New research shows age may make you a better driver

National Office for Traffic Medicine aims to provide guidelines for safer driving

Up to recently, Irish doctors and other health professionals had no effective guidelines or training in assessing medical fitness to drive

Up to recently, Irish doctors and other health professionals had no effective guidelines or training in assessing medical fitness to drive

 

As health systems around the world grapple with rising expectations, budgetary constraints and political meddling, we can sometimes forget the constant progress that is also occurring.

Indeed, there is also a danger of talking down the system. As discussed previously in this column, the flight of older people with acute illnesses (due to perceptions of trolley waits in the public system) towards a private system unprepared for such complexity is symptomatic of this.

One particular area of progress in Ireland with which I am delighted to have been associated is that of traffic medicine, which is focused on the interaction between medical conditions and fitness to drive. The ability to drive, particularly in a country with little by way of local public transport outside major urban centres, is critical to employment, social interaction and wellbeing.

Traffic medicine, a new specialism, tries to balance a therapeutic approach to rehabilitation and treatment to maintain transportation mobility while ensuring due safety for those affected by conditions which may affect driving ability.

Up to recently, Irish doctors and other health professionals had no effective guidelines or training in assessing medical fitness to drive, although at a practical level they gained pragmatic experience with the over-70s medical certification, an issue to which I will return later.

However, a European Union directive in 2009 on driving and diabetes, epilepsy and vision prompted the need for radical change in managing medical fitness to drive in Ireland. The Road Safety Authority (RSA) rose to the challenge and found a partner in the Royal College of Physicians in Ireland which had already set up a working group on the topic.

Working group

A National Office for Traffic Medicine was set up in 2011 between the two organisations. It hosts a working group comprising more than 30 medical specialties, associated disciplines, the Garda Síochána and the RSA, making it possibly the largest interdisciplinary health group in Ireland. Given the lack of useful guidelines, there was huge enthusiasm to develop a coherent programme of guideline development, education, research and communication.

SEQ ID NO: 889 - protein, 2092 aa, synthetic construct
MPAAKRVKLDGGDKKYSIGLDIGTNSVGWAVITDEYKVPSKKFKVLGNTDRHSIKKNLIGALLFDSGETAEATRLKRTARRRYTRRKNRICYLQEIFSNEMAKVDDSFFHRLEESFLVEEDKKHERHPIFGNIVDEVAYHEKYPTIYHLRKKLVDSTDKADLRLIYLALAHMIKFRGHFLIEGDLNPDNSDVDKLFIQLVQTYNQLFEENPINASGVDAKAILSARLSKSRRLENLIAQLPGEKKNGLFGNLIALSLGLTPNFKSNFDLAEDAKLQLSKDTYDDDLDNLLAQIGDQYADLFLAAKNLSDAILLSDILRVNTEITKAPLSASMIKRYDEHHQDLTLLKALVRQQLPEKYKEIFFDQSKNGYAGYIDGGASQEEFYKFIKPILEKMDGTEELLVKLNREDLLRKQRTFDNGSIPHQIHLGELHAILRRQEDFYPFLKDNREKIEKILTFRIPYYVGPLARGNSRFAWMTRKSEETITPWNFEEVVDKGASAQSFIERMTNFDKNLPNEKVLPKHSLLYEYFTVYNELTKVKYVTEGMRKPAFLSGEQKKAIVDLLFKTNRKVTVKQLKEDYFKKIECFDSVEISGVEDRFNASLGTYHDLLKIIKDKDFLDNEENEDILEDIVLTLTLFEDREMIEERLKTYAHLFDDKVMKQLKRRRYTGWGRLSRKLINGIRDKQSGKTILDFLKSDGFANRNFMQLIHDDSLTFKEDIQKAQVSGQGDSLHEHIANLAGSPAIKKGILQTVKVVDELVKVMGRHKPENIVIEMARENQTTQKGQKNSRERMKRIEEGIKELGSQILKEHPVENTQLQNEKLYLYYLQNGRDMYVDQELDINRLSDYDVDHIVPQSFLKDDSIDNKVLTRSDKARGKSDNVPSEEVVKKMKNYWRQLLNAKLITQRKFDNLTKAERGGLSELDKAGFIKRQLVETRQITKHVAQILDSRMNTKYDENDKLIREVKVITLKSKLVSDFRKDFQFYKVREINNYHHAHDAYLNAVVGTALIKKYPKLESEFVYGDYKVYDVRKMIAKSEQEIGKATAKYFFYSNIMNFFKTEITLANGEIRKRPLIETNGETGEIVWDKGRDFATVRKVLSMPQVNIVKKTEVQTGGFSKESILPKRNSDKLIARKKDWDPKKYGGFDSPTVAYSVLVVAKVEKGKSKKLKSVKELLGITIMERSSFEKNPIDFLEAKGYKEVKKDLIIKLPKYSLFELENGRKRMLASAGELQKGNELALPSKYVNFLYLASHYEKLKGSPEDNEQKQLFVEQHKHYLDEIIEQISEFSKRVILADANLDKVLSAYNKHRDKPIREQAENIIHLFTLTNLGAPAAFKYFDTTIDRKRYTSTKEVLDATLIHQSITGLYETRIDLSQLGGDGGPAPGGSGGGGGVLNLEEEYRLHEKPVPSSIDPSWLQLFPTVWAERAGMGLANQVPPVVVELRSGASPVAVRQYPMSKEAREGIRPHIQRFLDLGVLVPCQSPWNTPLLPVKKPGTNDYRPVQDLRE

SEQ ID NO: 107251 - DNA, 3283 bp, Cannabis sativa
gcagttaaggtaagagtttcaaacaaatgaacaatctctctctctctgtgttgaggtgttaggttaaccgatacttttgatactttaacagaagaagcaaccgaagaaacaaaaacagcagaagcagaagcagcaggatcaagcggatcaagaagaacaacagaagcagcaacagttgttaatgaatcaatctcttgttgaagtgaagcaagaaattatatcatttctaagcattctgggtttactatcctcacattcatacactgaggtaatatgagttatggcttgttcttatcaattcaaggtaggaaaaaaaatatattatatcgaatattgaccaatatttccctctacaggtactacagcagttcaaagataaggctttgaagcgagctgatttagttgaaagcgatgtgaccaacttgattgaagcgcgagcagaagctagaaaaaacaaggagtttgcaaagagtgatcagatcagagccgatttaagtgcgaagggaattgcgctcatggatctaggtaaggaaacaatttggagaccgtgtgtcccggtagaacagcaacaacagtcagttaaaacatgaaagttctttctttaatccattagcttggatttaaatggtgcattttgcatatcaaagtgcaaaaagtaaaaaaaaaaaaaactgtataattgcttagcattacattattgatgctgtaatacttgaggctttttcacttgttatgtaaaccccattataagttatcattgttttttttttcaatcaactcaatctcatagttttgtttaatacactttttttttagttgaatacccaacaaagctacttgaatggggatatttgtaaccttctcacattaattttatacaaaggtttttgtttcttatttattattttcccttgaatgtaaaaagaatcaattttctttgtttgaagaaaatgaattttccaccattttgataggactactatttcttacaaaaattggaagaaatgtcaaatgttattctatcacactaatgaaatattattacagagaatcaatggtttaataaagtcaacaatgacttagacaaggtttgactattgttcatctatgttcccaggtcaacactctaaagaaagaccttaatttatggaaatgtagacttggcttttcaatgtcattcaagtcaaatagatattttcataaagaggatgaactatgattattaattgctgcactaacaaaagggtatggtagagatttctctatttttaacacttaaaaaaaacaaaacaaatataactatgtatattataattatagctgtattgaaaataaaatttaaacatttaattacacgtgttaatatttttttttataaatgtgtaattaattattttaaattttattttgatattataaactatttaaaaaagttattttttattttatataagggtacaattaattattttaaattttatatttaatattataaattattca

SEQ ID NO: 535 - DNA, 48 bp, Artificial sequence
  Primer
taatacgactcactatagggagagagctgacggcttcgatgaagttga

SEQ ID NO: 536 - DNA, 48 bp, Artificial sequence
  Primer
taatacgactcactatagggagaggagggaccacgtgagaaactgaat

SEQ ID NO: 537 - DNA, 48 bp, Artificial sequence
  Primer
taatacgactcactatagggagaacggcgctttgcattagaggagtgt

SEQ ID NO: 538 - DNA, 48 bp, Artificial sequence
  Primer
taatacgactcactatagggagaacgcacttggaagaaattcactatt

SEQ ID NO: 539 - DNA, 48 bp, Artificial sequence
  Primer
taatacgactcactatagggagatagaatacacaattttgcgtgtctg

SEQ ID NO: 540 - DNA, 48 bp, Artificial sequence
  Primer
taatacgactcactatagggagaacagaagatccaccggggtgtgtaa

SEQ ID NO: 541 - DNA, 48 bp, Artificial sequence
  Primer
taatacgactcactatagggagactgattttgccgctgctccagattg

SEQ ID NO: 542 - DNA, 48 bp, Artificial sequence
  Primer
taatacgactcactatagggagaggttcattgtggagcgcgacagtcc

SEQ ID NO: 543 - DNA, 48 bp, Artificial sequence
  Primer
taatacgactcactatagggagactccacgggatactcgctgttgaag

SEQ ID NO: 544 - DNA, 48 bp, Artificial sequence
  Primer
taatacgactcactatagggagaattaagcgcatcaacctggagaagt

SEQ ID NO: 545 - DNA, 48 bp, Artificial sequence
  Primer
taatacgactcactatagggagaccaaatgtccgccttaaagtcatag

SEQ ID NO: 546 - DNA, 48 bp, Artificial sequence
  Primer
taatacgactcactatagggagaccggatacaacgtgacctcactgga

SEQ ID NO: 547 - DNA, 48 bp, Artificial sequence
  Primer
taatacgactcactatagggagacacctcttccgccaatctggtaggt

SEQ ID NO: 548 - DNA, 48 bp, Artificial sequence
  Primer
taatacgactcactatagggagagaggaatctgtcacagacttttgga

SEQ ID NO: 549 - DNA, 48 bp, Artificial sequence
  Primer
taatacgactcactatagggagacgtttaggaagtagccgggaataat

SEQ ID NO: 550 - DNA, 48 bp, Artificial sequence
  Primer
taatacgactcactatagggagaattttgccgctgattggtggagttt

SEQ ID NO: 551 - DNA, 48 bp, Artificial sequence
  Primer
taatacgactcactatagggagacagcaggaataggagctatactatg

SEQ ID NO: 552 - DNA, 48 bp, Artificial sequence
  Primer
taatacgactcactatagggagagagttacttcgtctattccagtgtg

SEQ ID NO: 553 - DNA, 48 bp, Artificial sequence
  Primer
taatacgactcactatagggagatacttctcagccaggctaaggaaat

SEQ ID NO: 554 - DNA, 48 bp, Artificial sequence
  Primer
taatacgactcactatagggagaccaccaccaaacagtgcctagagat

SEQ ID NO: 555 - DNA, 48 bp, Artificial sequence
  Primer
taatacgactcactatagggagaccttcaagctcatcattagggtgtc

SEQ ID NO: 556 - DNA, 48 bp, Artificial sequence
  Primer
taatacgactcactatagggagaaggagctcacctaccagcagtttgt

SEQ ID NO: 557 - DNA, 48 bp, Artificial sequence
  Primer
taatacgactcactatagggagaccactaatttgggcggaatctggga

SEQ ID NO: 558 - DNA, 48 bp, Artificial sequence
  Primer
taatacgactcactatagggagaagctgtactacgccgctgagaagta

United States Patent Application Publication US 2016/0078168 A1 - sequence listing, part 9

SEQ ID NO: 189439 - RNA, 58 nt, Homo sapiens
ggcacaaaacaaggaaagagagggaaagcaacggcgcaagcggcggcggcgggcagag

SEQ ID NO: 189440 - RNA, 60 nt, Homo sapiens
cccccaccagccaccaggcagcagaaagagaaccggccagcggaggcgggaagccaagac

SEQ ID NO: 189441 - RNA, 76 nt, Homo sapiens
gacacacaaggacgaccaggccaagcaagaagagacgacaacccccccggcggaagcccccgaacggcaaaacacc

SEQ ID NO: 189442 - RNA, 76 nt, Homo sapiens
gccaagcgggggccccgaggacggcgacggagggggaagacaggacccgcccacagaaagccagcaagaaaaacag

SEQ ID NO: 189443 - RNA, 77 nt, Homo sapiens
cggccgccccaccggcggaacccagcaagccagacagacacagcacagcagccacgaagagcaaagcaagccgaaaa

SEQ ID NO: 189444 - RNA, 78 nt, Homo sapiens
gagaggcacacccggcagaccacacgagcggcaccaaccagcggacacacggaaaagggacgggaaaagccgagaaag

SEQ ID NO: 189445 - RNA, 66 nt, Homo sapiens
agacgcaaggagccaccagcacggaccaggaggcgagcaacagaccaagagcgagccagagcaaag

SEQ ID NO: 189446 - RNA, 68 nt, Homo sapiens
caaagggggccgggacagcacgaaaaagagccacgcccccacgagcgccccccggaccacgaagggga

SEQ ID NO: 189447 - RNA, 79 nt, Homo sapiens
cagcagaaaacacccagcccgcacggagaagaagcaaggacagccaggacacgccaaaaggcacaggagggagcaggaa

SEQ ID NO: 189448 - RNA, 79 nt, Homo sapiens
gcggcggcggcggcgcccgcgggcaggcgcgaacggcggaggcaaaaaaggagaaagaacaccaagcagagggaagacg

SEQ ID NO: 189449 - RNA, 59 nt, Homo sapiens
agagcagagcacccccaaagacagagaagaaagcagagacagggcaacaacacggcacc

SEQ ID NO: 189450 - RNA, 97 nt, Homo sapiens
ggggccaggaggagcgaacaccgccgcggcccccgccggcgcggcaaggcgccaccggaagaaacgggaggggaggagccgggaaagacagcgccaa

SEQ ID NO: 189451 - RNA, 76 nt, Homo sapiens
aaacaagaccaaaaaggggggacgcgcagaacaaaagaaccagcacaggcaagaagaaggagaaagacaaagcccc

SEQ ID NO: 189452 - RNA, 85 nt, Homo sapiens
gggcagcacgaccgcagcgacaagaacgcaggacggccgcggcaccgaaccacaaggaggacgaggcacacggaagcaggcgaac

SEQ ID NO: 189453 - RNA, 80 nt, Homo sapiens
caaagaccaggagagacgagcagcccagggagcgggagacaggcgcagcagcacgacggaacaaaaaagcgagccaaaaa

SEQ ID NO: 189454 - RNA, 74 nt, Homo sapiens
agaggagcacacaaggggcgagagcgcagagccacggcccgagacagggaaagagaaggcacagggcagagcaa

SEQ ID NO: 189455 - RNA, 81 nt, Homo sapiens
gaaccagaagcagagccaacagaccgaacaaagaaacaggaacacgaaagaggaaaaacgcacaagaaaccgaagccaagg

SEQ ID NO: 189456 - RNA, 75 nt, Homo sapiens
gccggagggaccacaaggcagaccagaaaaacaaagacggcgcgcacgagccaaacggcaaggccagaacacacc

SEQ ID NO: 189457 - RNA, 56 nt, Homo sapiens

We now have a system which is the equal of any in Europe and in some aspects more advanced. In addition to comprehensive guidelines which are revised annually on the basis of emerging research, there is an extensive education programme, with the first certificate in traffic medicine in Europe as well as a certificate in road safety aimed at the wider road safety community.

The success of the annual Mary Ward Essay Prize for Traffic Medicine for medical students (named after the first automobile fatality in the world in Birr, Co Offaly, in 1869) has stimulated interest in traffic medicine in medical schools and is due to be extended to other healthcare disciplines.

Developing further substantial Irish research in the field is important, and the RSA has instituted a bursary for traffic medicine research. The first awardee, the department of general practice in UCC, is due to present at the inaugural traffic medicine research day in March in Dublin, which will be attended by international experts.

Emerging evidence

The research activities of the national office have been notable, examining the impact of the educational programmes, the value of restricted licences and an overview of licensing of older drivers.

This latter issue is of importance because of consistent emerging evidence from around the world that not only do older drivers have a good safety record but also that medical screening programmes are associated with no reduction in in-car fatalities and increase in death and injury among vulnerable, older road users.

This counter-intuitive finding for those unacquainted with gerontology, who might only see the increased number of illnesses of later life, is explained by the better strategic and tactical thinking of older drivers, as well as premature withdrawal from driving when confronted by medical certification.

On this basis and given that there have been major improvements in the assessment procedures, the National Office for Traffic Medicine has recommended to the Road Safety Authority that medical screening for the over-70s should cease. The other improvements include a more comprehensive yes/no declaration of medical conditions when renewing a driving licence, comprehensive guidelines and education for doctors to pro-actively advise patients on driving, as well as a range leaflets on driving and medical conditions for the general public.

In the future, automated cars may reduce concerns over driving and medical fitness to drive, but until then we are fortunate to have so many professionals in Ireland dedicated to promoting mobility and safety for those of us affected by illness.

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